“Black Mold Forces Family to Move”… “The Hidden Dangers of Toxic Mold”… “Is Your House Making You Sick?” Headlines like these are used to shine a spotlight on the health risks associated with mold. Naturally, the more extreme stories get the most interest. But is mold really as bad as they say? Where does it come from? How can you prevent it?

In 2004, the Institute of Medicine found sufficient evidence to link indoor exposure to mold with upper respiratory tract symptoms including coughing, sneezing, and wheezing in otherwise healthy individuals. People with asthma and allergies often see a marked increase in the incidence and severity of their symptoms. Those with compromised or underdeveloped immune systems can suffer from serious infections caused by mold.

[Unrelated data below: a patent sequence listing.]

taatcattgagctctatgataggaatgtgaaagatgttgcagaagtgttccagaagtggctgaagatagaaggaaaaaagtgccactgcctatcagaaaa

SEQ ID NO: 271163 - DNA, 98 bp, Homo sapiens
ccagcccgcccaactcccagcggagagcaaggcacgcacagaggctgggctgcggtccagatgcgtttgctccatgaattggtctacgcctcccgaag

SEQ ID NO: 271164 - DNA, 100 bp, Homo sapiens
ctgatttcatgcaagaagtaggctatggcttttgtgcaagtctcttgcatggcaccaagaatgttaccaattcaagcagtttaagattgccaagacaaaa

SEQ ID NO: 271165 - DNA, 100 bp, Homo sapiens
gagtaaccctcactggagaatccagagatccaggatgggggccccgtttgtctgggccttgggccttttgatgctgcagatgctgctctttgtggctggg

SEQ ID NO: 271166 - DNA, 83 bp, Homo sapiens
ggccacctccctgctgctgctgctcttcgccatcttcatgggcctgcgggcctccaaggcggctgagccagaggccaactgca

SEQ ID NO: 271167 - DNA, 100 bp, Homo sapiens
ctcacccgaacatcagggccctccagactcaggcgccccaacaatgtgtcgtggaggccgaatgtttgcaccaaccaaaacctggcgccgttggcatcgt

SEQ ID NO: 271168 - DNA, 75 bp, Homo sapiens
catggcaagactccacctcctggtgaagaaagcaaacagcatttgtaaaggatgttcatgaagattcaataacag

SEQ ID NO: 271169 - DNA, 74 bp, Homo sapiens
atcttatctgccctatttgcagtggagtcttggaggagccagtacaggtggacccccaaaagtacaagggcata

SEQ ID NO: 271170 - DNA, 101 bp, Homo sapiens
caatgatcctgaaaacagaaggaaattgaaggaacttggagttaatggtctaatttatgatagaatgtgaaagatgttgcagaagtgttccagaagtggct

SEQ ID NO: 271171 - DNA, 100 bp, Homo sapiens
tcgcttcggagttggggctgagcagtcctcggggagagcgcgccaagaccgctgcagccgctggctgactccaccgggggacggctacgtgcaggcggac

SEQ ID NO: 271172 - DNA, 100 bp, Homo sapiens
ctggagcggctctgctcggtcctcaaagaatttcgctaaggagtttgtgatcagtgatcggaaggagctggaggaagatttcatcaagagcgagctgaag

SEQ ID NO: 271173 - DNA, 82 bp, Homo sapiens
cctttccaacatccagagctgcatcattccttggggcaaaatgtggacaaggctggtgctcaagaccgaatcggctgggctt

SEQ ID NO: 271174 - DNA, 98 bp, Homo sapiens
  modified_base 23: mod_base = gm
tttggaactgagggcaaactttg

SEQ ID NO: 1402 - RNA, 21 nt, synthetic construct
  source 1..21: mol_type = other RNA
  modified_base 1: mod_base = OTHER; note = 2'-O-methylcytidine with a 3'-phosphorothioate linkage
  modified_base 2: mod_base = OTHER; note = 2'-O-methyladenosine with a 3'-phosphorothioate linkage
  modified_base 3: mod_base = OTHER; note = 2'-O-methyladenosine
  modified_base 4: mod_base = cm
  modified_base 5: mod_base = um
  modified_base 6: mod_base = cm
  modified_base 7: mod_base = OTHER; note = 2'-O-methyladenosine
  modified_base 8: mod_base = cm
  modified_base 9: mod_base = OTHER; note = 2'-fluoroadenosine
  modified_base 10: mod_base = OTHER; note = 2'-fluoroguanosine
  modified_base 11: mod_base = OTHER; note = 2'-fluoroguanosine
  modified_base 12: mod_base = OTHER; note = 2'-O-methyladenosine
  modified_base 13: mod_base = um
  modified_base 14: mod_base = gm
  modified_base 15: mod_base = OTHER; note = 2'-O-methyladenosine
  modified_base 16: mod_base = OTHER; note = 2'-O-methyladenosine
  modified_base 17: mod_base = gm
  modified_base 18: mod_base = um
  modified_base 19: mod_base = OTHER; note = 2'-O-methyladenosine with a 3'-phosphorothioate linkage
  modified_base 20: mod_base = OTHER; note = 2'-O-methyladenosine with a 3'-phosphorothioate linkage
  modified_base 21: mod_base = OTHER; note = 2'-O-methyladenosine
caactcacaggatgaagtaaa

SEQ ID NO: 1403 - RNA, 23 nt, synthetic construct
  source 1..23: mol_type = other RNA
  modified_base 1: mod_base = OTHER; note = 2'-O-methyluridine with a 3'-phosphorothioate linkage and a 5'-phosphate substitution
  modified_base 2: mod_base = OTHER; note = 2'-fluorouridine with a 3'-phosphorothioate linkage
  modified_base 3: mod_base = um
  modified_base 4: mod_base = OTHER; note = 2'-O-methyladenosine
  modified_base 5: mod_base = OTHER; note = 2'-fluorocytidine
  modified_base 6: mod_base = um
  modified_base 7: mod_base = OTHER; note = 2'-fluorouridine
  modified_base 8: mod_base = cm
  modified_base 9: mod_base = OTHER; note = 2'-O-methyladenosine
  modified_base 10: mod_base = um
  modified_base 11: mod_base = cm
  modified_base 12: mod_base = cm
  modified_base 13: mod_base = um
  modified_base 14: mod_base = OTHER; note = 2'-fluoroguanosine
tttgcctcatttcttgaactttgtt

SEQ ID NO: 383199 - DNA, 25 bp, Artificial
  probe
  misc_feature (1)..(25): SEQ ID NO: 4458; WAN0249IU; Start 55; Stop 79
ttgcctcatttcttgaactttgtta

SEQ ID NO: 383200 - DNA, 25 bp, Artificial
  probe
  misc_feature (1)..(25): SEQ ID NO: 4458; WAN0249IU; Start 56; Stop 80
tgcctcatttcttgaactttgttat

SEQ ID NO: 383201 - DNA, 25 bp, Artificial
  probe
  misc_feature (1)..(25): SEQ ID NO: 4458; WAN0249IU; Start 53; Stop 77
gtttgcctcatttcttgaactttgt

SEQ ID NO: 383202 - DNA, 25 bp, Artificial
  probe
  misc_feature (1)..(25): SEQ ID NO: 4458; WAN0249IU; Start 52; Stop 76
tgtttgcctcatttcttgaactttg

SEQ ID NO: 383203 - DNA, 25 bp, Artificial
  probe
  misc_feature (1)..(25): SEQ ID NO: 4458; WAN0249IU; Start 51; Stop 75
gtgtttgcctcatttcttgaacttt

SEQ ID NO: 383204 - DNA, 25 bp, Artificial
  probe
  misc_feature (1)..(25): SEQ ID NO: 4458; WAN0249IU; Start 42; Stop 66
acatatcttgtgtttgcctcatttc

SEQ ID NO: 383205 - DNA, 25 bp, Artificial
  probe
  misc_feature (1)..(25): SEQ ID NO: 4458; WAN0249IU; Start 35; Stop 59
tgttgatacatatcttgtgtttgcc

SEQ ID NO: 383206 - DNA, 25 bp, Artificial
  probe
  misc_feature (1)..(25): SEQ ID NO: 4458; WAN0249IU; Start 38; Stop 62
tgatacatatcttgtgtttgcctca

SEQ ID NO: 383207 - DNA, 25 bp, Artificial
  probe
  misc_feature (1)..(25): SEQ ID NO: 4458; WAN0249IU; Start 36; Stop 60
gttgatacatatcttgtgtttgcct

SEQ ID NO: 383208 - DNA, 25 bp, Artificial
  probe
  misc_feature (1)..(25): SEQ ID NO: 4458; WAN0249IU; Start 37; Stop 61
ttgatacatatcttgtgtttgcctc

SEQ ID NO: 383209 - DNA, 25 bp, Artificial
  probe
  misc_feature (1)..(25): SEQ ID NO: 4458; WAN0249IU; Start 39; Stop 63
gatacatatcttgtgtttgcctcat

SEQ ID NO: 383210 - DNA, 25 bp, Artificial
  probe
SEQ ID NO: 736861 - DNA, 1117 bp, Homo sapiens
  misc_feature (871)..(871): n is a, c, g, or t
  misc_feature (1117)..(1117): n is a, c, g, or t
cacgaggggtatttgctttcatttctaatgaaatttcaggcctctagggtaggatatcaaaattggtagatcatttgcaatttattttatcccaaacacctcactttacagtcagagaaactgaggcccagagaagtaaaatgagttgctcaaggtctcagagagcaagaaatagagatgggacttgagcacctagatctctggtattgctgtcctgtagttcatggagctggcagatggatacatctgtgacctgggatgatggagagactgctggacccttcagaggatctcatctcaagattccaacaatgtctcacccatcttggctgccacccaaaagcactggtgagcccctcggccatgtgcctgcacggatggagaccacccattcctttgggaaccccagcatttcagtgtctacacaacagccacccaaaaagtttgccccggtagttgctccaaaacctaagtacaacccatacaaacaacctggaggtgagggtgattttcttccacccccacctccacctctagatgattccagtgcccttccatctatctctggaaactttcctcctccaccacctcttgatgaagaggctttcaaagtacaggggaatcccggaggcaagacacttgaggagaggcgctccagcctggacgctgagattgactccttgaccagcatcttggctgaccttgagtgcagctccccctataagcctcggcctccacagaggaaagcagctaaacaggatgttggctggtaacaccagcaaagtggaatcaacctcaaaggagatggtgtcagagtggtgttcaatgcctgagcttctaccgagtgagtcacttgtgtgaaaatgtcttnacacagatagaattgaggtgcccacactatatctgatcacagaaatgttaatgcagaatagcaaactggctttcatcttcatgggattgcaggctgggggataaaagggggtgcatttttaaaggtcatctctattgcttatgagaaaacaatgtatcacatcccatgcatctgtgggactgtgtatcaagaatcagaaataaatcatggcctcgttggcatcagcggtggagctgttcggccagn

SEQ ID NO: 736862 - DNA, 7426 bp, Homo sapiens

Mold needs 3 things to grow: The right environment, a food source, and moisture. High humidity is one contributing factor. A relative humidity (RH) range is between 30% and 50% is required for human health and comfort. Once the RH rises above 60%, mold growth

Click Here To Learn More



Yes, it is often easy to tell when it’s time to clean the carpet in your family room, hallway, or the main entrance to your house. You begin to see the soil in the traffic areas, or there are those inevitable spots and spills. Despite your best efforts at vacuuming the carpet still looks soiled and you clearly know it needs to be cleaned. But what about the carpet in your bedrooms? Tracked in soils or spills aren’t usually a major problem in bedrooms. This may lead you to think that bedroom carpets don’t need cleaning as often as the rest of the house. Think again.

Click & Find out More